China’s trade surplus narrows further in September


China’s trade surplus narrowed to $16.88 billion (£10.7 billion) last month, official data showed today.

Exports and imports slowed significantly, although, this is unlikely to see the US ease up about the appreciation of the yuan.

The US has previously expressed dissatisfaction that China is keeping the value of the yuan low to help its exporters at the expense of overseas competitors.

Trade groups have argued that the yuan, also referred to as the renminbi, is kept up to 40% below what its value should be against the US dollar.

However, Beijing has previously said keeping the yuan stable is “an important contribution” to global recovery.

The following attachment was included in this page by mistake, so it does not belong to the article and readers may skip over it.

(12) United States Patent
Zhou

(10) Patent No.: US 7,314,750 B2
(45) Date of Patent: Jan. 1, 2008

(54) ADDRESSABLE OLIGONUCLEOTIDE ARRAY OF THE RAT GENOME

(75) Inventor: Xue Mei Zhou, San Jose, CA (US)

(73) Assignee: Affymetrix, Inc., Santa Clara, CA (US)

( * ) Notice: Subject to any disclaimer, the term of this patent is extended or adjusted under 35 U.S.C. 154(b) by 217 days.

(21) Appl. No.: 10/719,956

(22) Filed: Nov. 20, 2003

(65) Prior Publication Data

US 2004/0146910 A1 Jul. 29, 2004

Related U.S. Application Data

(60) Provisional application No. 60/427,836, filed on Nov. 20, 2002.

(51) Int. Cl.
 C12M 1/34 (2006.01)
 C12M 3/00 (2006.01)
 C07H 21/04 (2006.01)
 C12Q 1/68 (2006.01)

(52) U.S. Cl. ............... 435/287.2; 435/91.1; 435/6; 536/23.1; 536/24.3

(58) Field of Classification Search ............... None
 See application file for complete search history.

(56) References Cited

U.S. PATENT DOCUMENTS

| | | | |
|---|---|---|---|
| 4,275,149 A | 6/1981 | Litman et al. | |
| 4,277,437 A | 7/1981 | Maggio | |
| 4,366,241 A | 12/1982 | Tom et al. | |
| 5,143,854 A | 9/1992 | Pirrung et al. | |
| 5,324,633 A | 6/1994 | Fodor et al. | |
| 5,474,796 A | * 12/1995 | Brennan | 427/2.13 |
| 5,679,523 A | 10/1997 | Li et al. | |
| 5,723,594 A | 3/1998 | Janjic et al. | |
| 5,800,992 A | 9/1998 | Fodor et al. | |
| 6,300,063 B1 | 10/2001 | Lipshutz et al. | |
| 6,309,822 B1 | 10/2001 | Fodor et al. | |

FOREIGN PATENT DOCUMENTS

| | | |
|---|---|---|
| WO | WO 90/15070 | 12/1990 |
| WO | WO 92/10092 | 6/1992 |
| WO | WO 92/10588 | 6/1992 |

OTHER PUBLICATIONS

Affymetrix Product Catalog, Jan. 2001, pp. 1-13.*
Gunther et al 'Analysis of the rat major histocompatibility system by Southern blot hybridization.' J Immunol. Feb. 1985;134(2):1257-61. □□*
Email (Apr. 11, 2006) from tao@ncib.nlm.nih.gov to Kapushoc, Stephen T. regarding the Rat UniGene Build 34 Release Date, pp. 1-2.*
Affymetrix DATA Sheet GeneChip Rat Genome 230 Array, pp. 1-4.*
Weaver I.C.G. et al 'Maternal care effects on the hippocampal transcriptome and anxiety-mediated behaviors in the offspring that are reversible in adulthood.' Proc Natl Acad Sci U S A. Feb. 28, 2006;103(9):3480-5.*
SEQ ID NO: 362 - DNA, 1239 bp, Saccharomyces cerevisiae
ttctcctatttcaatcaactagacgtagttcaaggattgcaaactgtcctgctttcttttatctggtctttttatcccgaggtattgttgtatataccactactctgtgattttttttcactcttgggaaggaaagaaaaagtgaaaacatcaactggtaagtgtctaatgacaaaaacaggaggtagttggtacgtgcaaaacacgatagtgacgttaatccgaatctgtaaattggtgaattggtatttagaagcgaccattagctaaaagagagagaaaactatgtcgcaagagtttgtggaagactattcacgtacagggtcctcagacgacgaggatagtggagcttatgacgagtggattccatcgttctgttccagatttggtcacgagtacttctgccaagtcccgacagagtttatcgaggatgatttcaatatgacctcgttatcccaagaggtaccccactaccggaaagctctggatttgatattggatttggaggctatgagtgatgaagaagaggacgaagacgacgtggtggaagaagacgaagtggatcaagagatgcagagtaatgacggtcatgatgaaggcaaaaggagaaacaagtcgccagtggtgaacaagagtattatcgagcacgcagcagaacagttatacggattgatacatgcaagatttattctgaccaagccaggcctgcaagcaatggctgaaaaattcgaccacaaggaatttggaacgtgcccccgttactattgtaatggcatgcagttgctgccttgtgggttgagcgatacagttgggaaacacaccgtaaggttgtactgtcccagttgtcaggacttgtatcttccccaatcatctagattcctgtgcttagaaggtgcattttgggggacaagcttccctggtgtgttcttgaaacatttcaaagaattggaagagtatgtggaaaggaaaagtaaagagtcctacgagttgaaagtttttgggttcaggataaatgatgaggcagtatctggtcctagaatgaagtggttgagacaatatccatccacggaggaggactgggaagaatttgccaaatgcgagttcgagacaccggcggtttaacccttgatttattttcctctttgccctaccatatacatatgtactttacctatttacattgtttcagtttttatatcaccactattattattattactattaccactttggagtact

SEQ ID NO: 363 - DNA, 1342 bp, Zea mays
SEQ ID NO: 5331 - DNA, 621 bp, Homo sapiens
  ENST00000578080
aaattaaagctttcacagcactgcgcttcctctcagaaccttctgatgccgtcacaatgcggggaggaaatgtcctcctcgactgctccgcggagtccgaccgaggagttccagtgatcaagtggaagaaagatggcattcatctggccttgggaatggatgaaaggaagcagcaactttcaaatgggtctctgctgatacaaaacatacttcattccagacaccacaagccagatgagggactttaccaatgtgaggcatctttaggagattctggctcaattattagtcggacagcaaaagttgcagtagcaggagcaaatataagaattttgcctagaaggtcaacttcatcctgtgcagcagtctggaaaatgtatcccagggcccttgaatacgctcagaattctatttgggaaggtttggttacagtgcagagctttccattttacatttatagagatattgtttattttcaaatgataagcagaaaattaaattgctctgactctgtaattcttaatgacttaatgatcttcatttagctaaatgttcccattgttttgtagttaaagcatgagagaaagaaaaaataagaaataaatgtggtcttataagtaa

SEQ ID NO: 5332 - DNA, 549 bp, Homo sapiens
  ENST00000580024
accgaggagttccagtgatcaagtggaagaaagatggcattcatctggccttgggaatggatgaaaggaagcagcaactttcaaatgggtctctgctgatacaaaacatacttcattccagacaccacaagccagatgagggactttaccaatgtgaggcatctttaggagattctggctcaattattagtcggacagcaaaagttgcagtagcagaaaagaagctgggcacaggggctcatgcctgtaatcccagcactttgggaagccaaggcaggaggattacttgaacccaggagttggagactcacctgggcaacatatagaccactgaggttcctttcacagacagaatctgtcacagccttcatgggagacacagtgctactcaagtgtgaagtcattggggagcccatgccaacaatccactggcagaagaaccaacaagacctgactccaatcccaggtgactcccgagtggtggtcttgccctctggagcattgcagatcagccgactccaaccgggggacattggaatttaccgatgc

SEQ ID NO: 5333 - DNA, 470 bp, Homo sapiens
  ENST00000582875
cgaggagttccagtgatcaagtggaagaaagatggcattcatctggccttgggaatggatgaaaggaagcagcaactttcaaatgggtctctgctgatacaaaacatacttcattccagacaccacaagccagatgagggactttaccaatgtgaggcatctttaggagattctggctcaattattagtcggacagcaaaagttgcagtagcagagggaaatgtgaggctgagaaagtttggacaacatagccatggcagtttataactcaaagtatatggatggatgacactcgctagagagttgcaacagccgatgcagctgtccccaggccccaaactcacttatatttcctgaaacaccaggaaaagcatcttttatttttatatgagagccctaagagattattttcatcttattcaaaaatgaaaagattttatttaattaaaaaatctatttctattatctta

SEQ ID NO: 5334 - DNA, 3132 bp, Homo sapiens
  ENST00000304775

Exports grew 25.1% year-on-year in September to $145 billion, but this was much slower than the growth of 34.4% reported in August.

Meanwhile, imports rose 24.1% year-on-year in September to a record high of $128.1 billion, again, this was slower than the 35.2% growth reported the previous month.

Returning to the yuan, pressure is likely to according to many analysts. The US has been piling the pressure on Beijing to let the yuan appreciate faster against the dollar.

Brian Jackson, senior strategist at Royal Bank of Canada in Hong Kong, said that Chinese exports are “still very strong” and there is still scope for China to be more flexible with the yuan.

However, China’s Government has taken action to address the currency issue. In June, Beijing loosened its currency peg and, while the move was welcomed, the US said the yuan had appreciated around 2% against the dollar since that time.

The US House of Representatives recently backed a bill which will allow it to impose retaliatory tariffs on China.

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